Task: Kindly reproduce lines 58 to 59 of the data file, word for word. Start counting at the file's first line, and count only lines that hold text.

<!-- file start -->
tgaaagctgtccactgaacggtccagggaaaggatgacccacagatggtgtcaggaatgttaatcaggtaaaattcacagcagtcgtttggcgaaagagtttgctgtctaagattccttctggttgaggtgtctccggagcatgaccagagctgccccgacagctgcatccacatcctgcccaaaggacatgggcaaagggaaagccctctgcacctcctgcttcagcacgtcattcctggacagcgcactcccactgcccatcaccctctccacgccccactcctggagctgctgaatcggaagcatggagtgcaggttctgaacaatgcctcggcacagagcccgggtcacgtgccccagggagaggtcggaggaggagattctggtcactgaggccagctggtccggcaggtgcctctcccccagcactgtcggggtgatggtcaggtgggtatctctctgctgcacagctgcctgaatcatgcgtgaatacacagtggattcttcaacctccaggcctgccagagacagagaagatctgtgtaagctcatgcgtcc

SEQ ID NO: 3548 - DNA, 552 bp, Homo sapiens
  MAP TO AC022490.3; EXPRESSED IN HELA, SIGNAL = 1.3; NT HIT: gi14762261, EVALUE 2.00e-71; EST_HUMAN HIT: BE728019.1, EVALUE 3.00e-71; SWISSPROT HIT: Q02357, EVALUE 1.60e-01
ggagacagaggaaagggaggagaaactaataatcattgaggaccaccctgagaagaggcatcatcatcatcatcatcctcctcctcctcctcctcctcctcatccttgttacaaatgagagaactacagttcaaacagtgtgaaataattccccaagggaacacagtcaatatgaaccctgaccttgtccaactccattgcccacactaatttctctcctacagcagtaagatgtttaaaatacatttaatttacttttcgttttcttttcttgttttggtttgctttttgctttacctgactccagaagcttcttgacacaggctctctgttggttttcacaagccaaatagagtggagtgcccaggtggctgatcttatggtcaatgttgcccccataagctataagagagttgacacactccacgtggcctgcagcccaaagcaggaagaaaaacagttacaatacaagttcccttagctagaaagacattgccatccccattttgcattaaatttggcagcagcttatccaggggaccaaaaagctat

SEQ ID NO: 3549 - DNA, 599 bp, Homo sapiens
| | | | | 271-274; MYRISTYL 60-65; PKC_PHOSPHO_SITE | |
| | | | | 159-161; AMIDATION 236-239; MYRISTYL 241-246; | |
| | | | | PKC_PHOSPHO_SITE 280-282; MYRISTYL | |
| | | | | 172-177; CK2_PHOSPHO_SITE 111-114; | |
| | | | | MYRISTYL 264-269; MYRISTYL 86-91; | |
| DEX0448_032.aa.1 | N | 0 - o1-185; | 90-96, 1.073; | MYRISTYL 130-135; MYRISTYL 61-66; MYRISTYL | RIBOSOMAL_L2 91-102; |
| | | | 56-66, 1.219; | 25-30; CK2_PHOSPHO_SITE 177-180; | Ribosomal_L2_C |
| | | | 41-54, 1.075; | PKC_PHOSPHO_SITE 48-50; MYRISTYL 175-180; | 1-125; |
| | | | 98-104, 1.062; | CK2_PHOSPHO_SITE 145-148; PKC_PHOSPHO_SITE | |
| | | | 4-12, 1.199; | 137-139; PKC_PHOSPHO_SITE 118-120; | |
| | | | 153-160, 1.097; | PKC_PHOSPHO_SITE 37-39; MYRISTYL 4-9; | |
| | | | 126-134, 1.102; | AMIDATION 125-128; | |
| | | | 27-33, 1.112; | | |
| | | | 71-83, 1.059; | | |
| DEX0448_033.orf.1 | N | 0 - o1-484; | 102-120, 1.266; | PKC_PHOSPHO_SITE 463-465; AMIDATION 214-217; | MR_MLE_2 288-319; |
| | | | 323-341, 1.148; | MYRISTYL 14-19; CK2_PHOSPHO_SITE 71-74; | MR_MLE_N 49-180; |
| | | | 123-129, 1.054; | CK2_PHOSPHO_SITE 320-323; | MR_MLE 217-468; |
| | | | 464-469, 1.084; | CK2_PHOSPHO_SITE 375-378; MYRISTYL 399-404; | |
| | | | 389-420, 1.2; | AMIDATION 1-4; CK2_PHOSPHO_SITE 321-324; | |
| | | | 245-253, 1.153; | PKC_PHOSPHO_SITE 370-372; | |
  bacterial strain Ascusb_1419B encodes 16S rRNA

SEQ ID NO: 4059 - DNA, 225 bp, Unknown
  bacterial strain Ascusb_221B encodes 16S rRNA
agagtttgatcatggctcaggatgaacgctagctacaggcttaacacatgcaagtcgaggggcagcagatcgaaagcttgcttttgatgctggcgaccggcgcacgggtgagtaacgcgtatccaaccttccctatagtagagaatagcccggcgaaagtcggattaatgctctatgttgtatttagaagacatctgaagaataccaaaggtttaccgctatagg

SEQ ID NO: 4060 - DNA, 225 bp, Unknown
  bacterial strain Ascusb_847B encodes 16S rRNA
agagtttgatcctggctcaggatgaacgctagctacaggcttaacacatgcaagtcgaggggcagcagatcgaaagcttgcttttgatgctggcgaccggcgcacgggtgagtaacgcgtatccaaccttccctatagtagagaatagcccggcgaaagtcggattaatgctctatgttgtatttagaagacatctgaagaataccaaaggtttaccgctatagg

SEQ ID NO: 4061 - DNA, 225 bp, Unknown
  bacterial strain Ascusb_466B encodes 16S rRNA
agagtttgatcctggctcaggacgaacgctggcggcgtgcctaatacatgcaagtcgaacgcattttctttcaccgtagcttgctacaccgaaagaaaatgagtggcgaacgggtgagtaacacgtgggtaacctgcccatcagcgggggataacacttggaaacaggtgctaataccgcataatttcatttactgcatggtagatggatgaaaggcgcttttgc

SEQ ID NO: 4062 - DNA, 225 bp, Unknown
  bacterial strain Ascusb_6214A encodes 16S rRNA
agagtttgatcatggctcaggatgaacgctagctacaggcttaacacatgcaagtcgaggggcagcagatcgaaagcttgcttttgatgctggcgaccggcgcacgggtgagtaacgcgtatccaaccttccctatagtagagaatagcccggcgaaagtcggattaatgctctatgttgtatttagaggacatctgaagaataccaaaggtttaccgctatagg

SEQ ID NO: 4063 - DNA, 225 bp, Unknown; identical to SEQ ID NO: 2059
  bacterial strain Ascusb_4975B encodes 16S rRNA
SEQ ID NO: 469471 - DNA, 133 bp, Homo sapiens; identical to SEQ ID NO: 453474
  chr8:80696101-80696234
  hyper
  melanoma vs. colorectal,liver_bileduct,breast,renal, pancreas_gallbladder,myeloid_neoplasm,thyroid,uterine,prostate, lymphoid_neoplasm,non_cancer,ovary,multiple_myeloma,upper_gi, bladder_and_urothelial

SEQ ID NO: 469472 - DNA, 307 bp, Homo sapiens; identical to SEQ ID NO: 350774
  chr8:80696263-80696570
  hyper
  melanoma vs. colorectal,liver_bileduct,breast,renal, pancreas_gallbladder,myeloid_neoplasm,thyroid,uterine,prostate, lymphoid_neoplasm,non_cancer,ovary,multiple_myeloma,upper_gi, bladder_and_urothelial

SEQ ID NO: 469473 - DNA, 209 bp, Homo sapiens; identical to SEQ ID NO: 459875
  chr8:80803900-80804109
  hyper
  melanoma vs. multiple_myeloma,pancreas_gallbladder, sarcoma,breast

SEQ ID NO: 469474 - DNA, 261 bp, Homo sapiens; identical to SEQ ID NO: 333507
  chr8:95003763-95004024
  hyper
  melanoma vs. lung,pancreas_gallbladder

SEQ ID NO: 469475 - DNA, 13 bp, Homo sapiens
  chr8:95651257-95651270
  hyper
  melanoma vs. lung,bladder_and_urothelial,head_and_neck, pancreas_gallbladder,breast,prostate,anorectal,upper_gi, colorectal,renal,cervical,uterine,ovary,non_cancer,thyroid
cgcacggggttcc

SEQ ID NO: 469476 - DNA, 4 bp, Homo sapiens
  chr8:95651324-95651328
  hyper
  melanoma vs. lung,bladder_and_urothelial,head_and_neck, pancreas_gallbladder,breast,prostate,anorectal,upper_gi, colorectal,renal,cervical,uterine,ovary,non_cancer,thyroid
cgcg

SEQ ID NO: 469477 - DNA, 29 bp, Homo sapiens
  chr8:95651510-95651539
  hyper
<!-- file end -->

  chr8:95651257-95651270
  hyper